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I was outsourced to another company last year after 8 years of working for my original employer, the original employer is now relocating so I am being made redundant. My issue is I will be getting basic redundancy from the new employer even thou Iv only been with them 1 year an 8 years for my original employer and their redundancy pay us a lot higher?Am I entitled to the same redundancy package as everyone else at my original employer?
Jhill - 5-Jun-18 @ 5:08 PM
Company is going to outsource me and i want to write an email to CEO as an effort to save my self from outsourcing, please suggest me a pattern and share sample email and also suggest wt should i write effectivrly as i want to remain insource.
Moozaro - 20-Feb-18 @ 9:26 AM
My employment company is out sourcing my department we were told about this on Monday 21st August 2017 and the new company will take over on the 11th September 2017 is that enough time for the employee or should it be at least a month.
Shellbell - 23-Aug-17 @ 6:18 AM
My employer is outsourcing my job to save money & I am to be made redundant.Do I have any legal rights covering this eventuality or grounds for unfair dismissal if my job is still being there?
G - 15-Aug-17 @ 10:33 PM
Hi, I am a gardener and was told I could use the van to commute to work after they relocated me. It is not classed as a company car, it's a 'don't use it too much, nod nod, wink wink' I was told, if the company relocates me then they have to provide me with the means to get there for two years. Is this correct?
Marie - 22-May-17 @ 4:53 PM
we are being TUPE over to another company in our T&C annual leave was Jan to Dec this company is April to March. How will my A/L be caluclated. we I lose days?
Gill - 21-Apr-13 @ 3:57 PM
My employer is outsourcing the Pensions Admin and we have been told we will be TUPe'd, does the job with the Third party administrators have to be in a certain distance from my current location ? and if it is not would I get redundancy ?
Midge - 29-Aug-12 @ 8:33 AM
I am 46yrs of age and in the process of being tuped to another company after 30yrs service with my original company. My pension T & C's state that if im 50+yrs of age I can take my pension unabated when tubed or made redundant, will these's T & C's transfer to my new employer and would I have the right to take my original deferred pension unabated in the future if tuped again (i.e. new employer lost contract) or made redundant when 50+yrs old. This is happening to a work colleague of mine who was tuped in the first round of outsourcing 3yrs ago when 48 yrs old and now being tuped again at 50+yrs old. Also the pension the new employer is offering is to be a standard 9% matched annual contribution, my previous pension is 24% annually where I contribute 1.5% with the right to pay an additional 8% matched (which I do), what are my rights as I will be severely financially disadvantaged.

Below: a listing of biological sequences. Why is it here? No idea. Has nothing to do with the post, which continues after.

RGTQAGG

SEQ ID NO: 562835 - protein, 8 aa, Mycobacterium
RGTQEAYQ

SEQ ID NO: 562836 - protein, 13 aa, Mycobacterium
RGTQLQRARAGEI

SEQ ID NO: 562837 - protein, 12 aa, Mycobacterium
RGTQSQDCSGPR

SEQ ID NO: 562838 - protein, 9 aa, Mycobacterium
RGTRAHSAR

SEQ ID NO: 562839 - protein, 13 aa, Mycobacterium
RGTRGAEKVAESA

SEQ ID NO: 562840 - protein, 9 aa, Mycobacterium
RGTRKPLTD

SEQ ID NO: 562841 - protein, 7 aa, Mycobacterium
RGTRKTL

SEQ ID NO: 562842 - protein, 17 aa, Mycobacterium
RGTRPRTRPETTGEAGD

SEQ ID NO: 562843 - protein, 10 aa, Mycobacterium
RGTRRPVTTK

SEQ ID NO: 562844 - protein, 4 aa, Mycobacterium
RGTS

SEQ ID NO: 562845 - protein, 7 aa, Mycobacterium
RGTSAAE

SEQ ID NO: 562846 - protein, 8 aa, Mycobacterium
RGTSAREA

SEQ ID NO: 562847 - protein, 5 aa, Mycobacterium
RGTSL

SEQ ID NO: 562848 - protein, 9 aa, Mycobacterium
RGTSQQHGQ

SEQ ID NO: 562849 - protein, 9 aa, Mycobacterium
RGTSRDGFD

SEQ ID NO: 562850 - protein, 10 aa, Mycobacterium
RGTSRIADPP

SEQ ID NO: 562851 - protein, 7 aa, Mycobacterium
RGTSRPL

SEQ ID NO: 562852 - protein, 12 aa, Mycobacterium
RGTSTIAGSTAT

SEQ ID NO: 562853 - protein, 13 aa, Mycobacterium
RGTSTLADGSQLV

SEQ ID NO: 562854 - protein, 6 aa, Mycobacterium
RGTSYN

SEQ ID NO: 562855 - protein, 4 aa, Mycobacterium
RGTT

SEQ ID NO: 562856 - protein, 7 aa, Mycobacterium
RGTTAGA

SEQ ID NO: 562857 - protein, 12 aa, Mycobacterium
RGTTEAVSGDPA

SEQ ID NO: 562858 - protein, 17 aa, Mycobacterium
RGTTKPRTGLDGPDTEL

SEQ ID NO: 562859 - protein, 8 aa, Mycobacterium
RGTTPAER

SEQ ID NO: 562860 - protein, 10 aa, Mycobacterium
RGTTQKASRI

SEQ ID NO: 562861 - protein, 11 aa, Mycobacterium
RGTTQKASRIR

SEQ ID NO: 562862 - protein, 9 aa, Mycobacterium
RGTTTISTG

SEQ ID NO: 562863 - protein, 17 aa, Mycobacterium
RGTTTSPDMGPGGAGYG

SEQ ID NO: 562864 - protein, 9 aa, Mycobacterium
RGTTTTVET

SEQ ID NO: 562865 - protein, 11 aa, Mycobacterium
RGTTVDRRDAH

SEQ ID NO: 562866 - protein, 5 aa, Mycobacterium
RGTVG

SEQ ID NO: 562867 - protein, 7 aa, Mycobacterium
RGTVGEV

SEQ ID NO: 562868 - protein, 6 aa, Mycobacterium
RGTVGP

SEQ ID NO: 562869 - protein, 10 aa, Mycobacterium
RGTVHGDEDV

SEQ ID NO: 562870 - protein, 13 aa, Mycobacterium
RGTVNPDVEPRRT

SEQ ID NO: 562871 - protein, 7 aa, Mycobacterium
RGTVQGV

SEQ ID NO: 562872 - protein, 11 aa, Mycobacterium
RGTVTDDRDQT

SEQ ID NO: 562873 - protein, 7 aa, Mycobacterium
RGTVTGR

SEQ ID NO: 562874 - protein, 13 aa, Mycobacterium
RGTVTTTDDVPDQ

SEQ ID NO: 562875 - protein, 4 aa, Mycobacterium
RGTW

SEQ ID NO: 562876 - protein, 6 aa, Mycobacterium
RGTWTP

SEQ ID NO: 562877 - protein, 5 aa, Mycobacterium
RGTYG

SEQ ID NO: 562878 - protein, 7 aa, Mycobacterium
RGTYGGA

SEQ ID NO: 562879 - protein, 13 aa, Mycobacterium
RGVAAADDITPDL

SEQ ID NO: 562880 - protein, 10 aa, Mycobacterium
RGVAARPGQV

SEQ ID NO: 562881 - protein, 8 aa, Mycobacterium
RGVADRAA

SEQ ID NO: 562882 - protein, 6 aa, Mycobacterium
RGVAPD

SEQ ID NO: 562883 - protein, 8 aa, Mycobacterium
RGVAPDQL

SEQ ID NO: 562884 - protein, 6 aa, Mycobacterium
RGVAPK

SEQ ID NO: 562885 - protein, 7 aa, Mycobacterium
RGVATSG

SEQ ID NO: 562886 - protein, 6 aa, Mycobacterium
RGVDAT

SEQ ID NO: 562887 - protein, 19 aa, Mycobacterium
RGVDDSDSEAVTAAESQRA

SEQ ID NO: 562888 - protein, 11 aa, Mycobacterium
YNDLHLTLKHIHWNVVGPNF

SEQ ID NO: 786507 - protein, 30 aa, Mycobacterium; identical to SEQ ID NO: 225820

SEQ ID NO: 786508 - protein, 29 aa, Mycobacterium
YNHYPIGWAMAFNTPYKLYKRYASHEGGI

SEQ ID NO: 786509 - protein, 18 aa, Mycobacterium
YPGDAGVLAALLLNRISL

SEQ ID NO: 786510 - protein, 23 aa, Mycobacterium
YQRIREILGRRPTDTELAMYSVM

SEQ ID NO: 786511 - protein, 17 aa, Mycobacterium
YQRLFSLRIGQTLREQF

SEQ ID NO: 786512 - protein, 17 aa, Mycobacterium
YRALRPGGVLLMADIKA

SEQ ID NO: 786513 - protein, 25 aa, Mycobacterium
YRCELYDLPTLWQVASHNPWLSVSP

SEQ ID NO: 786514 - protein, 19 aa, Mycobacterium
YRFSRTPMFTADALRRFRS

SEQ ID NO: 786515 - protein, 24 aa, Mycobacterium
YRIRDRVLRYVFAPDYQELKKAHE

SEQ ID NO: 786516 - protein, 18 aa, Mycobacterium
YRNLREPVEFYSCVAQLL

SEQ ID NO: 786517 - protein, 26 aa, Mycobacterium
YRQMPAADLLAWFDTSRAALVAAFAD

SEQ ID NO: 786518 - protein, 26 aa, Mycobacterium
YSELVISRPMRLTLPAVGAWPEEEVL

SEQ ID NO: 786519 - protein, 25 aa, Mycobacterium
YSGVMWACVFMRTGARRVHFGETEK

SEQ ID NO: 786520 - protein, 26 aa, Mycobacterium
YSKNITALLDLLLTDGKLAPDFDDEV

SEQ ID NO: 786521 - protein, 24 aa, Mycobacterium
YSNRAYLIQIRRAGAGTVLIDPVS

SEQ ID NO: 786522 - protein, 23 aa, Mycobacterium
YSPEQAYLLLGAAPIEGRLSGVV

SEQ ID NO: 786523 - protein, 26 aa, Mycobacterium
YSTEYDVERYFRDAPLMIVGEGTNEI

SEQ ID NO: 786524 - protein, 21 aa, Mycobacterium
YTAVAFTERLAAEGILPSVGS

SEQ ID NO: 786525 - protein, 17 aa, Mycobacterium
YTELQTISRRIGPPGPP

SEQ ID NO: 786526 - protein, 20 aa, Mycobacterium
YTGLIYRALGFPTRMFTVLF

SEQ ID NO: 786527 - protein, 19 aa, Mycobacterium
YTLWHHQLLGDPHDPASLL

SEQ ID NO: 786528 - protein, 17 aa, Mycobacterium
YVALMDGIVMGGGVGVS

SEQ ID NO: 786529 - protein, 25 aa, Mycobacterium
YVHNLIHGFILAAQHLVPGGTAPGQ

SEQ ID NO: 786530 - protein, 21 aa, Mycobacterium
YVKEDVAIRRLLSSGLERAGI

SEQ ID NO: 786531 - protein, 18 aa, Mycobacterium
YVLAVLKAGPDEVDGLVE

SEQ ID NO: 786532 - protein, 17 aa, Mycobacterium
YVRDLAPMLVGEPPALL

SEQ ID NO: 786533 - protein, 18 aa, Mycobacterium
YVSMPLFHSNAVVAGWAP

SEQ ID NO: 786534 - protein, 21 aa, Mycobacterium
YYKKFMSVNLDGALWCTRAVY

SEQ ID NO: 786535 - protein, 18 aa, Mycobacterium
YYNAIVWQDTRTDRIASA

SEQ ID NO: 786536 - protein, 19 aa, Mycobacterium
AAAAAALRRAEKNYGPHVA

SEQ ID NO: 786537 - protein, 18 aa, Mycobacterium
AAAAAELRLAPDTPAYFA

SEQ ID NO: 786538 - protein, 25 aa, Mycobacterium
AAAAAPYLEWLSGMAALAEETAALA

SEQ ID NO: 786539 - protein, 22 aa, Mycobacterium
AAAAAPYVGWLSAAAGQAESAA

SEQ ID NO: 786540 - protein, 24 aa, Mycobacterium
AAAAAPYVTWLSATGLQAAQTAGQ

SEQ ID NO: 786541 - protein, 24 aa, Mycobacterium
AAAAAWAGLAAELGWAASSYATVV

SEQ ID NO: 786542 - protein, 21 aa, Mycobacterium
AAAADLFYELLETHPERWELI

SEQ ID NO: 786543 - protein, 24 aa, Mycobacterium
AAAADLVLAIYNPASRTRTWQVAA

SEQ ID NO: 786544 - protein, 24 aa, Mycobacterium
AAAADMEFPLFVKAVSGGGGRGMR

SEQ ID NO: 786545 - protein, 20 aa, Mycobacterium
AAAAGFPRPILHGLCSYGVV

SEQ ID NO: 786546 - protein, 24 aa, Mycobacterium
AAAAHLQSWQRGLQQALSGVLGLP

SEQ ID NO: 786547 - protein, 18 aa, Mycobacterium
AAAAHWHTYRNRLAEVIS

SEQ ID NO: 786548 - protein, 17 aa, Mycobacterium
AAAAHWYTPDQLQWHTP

bay123 - 31-Jul-12 @ 9:03 AM
The University of Strathclyde are out scourcing different aspects of the catering and obviously this will probably be the start and then progress to other area's. On these grounds were do I stand, if when I am told they out scource my job to another company and they will honour our contracts for a year, after 20 years I am in the position that if I was made redundent I would get a lump sum and a monthly pension, so do I have to transfer or am I technically being made redundent by my current employers, any help appreciated.Thanks
Crash - 8-Feb-12 @ 12:29 PM
My employer is outsourcing & we are to be made redundant even though our jobs are still being done by the compnay our jobs are outsourced to. Do I have any legal rights covering this eventuality?
fred - 20-Dec-11 @ 8:38 AM
A business hire an employee to get benefits from his services but it is only possible when the employee is capable for that job, To find the capable person the feedback system is very useful.
360 feedback - 30-Jul-11 @ 7:09 AM